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American journal of physiology. Cell physiology

Aquaporins-2 and -4 regulate glycogen metabolism and survival during hyposmotic-anoxic stress in Caenorhabditis elegans.


PMID 26017147

Abstract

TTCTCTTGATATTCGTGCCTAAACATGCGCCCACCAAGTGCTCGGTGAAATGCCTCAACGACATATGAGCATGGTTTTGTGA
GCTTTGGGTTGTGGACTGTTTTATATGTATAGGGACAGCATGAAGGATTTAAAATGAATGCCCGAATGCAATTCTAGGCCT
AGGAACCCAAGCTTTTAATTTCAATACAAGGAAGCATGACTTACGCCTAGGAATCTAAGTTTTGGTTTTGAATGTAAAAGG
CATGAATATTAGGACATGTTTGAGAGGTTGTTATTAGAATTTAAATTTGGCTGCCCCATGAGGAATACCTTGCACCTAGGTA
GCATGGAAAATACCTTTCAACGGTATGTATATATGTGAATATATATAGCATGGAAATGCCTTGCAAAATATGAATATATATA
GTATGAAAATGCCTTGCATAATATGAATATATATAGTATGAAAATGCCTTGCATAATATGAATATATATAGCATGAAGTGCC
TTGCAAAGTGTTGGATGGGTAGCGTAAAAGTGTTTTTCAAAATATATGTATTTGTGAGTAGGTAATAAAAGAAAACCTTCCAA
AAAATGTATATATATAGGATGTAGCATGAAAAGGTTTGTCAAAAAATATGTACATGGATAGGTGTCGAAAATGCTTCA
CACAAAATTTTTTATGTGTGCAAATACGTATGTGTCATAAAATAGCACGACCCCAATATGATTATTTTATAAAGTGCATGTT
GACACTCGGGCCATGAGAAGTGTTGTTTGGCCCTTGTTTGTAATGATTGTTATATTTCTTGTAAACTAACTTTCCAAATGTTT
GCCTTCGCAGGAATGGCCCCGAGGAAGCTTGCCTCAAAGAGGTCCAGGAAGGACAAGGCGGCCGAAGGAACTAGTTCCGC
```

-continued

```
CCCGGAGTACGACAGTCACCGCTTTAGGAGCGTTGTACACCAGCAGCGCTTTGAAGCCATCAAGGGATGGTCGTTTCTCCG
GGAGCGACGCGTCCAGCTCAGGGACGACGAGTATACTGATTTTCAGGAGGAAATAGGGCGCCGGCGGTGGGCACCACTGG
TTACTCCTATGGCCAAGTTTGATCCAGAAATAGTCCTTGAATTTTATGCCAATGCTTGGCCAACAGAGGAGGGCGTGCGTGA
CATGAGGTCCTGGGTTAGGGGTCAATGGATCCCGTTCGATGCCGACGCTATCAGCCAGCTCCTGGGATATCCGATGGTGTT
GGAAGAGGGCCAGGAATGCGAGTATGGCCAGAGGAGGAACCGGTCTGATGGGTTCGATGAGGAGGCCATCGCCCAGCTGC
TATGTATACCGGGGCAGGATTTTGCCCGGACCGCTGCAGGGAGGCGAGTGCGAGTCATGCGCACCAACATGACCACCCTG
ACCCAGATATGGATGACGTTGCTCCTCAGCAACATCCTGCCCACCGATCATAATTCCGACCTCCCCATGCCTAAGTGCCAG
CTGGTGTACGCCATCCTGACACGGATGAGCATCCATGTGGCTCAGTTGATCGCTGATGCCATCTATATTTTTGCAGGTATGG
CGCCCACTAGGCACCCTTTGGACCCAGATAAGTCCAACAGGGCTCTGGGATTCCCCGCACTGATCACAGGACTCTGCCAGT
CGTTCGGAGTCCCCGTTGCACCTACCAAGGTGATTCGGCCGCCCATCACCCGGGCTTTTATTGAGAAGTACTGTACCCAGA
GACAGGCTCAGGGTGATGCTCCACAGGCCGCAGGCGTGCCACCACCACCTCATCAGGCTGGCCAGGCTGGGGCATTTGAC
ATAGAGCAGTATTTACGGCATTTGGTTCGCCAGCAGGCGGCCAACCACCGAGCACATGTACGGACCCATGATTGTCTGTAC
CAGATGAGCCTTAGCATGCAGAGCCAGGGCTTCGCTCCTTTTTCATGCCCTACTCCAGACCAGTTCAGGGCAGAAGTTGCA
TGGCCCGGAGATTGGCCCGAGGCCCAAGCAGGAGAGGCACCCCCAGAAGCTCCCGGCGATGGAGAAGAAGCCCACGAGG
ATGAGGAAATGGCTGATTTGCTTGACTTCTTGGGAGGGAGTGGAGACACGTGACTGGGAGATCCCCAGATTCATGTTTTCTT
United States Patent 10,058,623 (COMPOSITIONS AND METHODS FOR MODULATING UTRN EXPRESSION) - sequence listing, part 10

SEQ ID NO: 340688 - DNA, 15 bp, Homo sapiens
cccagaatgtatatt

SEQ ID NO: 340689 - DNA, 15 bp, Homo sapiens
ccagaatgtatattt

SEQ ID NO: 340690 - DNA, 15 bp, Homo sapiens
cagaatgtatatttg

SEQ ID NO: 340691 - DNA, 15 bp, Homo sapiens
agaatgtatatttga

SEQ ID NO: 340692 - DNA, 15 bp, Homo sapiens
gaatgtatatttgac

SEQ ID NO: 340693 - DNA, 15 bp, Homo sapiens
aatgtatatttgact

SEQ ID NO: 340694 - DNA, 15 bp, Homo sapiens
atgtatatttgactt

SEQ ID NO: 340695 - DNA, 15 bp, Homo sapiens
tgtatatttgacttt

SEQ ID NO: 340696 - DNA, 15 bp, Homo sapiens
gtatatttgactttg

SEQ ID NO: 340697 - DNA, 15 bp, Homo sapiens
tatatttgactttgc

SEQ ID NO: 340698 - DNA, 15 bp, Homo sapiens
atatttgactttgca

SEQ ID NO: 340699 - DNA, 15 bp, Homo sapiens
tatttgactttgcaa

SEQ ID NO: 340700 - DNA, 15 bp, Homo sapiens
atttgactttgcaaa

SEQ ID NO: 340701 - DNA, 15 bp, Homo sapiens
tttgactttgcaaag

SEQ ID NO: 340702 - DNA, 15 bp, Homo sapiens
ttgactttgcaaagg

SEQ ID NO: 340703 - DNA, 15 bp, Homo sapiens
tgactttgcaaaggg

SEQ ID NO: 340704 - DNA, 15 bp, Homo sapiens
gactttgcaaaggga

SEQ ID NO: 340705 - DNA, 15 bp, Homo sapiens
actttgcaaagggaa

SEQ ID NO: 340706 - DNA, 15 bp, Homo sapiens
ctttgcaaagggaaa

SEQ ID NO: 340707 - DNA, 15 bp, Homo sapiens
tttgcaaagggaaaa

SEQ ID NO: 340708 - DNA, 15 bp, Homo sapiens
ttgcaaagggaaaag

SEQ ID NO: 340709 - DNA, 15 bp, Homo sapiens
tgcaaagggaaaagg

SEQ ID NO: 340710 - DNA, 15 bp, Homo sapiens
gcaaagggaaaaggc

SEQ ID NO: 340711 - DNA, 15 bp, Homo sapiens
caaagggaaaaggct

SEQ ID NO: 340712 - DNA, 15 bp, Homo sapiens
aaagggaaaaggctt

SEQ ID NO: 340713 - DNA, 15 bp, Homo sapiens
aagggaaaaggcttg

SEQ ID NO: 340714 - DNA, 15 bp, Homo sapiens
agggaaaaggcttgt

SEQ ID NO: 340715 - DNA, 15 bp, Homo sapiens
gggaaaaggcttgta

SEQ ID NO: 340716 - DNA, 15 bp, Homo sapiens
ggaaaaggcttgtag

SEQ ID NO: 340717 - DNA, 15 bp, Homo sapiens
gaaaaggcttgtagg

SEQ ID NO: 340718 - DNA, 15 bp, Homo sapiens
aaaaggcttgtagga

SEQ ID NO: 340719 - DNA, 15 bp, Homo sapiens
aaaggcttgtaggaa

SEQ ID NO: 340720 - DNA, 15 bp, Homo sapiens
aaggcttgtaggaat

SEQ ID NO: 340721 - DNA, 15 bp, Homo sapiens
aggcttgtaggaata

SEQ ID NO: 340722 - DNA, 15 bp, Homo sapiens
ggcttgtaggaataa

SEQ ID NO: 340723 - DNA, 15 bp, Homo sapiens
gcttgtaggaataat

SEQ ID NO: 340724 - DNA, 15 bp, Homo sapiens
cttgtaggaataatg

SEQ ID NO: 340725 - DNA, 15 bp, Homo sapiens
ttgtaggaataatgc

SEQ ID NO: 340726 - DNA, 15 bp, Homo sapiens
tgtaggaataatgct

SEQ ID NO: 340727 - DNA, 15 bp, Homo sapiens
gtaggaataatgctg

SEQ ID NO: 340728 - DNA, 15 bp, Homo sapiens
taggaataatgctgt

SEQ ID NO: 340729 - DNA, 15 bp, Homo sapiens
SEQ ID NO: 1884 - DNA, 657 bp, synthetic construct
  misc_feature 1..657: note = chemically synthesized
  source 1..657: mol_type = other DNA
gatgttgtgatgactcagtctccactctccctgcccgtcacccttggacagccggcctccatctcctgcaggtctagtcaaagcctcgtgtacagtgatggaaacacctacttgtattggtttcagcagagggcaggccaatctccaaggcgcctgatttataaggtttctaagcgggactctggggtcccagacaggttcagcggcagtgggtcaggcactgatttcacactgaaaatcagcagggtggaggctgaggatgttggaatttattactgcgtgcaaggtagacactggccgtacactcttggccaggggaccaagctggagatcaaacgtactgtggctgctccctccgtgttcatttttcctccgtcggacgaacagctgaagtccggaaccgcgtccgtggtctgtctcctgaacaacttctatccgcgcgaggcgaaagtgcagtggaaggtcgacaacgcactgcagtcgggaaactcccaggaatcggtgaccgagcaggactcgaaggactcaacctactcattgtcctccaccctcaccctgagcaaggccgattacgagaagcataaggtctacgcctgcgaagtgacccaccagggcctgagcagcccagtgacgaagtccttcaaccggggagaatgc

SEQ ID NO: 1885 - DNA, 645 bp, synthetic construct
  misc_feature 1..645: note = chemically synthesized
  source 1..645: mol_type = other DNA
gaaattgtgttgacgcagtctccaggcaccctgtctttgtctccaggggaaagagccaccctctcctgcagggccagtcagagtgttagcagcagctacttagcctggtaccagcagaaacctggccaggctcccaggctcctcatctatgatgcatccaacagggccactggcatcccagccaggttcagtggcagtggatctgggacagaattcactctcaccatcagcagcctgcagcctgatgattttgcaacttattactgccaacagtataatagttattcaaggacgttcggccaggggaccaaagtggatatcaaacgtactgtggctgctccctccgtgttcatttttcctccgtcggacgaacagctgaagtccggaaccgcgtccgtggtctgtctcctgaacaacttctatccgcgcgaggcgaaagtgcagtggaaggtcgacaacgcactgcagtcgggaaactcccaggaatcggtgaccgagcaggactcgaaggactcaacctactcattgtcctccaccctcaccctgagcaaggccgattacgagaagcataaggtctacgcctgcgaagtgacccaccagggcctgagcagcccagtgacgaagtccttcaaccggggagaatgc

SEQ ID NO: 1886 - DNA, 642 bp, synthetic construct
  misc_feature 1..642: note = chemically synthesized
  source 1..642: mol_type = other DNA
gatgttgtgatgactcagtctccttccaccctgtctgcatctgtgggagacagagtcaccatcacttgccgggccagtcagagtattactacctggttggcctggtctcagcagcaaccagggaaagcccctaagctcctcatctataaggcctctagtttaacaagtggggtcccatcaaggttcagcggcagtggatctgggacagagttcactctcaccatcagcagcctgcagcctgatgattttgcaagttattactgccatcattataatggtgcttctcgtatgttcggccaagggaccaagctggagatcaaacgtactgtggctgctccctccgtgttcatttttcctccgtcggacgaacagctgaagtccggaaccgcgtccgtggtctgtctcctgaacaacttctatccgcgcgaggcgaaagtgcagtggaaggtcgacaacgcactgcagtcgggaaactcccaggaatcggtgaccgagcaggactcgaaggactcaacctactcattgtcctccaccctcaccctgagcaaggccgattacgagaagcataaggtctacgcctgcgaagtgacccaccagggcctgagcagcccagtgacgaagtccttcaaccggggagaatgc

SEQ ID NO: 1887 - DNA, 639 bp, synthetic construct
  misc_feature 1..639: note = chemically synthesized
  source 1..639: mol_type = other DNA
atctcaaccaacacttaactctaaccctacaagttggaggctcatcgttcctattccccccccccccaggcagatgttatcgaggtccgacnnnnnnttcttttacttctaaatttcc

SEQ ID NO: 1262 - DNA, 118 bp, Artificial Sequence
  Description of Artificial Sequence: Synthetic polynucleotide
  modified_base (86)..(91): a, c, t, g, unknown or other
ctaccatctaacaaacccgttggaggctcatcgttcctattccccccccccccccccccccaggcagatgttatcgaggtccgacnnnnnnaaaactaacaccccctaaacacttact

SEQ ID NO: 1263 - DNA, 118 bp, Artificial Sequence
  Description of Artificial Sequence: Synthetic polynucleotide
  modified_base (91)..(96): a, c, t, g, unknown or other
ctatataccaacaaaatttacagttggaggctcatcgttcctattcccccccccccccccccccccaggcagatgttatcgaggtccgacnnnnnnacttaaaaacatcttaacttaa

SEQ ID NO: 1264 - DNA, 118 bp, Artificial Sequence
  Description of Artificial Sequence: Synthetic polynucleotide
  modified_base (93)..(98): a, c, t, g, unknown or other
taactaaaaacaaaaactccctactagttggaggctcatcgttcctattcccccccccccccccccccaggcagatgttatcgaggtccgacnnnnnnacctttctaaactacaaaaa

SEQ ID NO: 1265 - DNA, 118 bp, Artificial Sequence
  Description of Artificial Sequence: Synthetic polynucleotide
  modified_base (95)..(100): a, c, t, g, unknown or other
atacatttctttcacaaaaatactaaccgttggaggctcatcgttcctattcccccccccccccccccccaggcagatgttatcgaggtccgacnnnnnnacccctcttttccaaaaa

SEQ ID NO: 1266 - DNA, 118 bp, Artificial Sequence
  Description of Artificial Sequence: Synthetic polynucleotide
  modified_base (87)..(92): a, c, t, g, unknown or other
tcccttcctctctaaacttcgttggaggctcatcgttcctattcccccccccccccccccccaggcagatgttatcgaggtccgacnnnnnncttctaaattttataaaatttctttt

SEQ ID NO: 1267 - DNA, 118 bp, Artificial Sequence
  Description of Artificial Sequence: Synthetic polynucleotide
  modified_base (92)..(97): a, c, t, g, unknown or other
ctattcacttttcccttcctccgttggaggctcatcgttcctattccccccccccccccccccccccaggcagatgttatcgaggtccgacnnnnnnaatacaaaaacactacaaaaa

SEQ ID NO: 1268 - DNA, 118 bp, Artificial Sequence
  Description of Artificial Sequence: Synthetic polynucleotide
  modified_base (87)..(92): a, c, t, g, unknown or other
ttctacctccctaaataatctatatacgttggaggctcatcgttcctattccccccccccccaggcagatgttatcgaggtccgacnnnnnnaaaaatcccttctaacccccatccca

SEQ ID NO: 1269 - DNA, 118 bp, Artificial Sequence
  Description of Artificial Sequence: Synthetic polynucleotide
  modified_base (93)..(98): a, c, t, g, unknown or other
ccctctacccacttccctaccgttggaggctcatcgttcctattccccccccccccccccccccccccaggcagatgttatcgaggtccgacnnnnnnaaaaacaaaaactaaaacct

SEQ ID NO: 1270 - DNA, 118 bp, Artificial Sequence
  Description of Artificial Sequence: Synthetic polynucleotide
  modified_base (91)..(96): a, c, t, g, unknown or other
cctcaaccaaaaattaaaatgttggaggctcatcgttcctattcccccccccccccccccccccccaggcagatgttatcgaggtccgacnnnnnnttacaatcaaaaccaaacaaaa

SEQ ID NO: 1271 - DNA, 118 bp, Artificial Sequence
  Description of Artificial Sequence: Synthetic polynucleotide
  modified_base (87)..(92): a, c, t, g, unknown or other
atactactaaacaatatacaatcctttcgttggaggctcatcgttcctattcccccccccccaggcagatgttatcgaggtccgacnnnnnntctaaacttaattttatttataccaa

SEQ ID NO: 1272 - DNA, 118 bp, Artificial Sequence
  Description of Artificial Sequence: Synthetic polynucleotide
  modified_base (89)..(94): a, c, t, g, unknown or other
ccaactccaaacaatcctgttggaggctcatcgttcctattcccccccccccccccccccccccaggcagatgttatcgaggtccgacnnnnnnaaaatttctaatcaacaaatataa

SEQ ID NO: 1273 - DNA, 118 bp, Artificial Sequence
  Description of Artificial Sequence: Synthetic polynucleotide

Periods of oxygen deprivation can lead to ion and water imbalances in affected tissues that manifest as swelling (edema). Although oxygen deprivation-induced edema is a major contributor to injury in clinical ischemic diseases such as heart attack and stroke, the pathophysiology of this process is incompletely understood. In the present study we investigate the impact of aquaporin-mediated water transport on survival in a Caenorhabditis elegans model of edema formation during complete oxygen deprivation (anoxia). We find that nematodes lacking aquaporin water channels in tissues that interface with the surrounding environment display decreased edema formation and improved survival rates in anoxia. We also find that these animals have significantly reduced demand for glycogen as an energetic substrate during anoxia. Together, our data suggest that reductions in membrane water permeability may be sufficient to induce a hypometabolic state during oxygen deprivation that reduces injury and extends survival limits.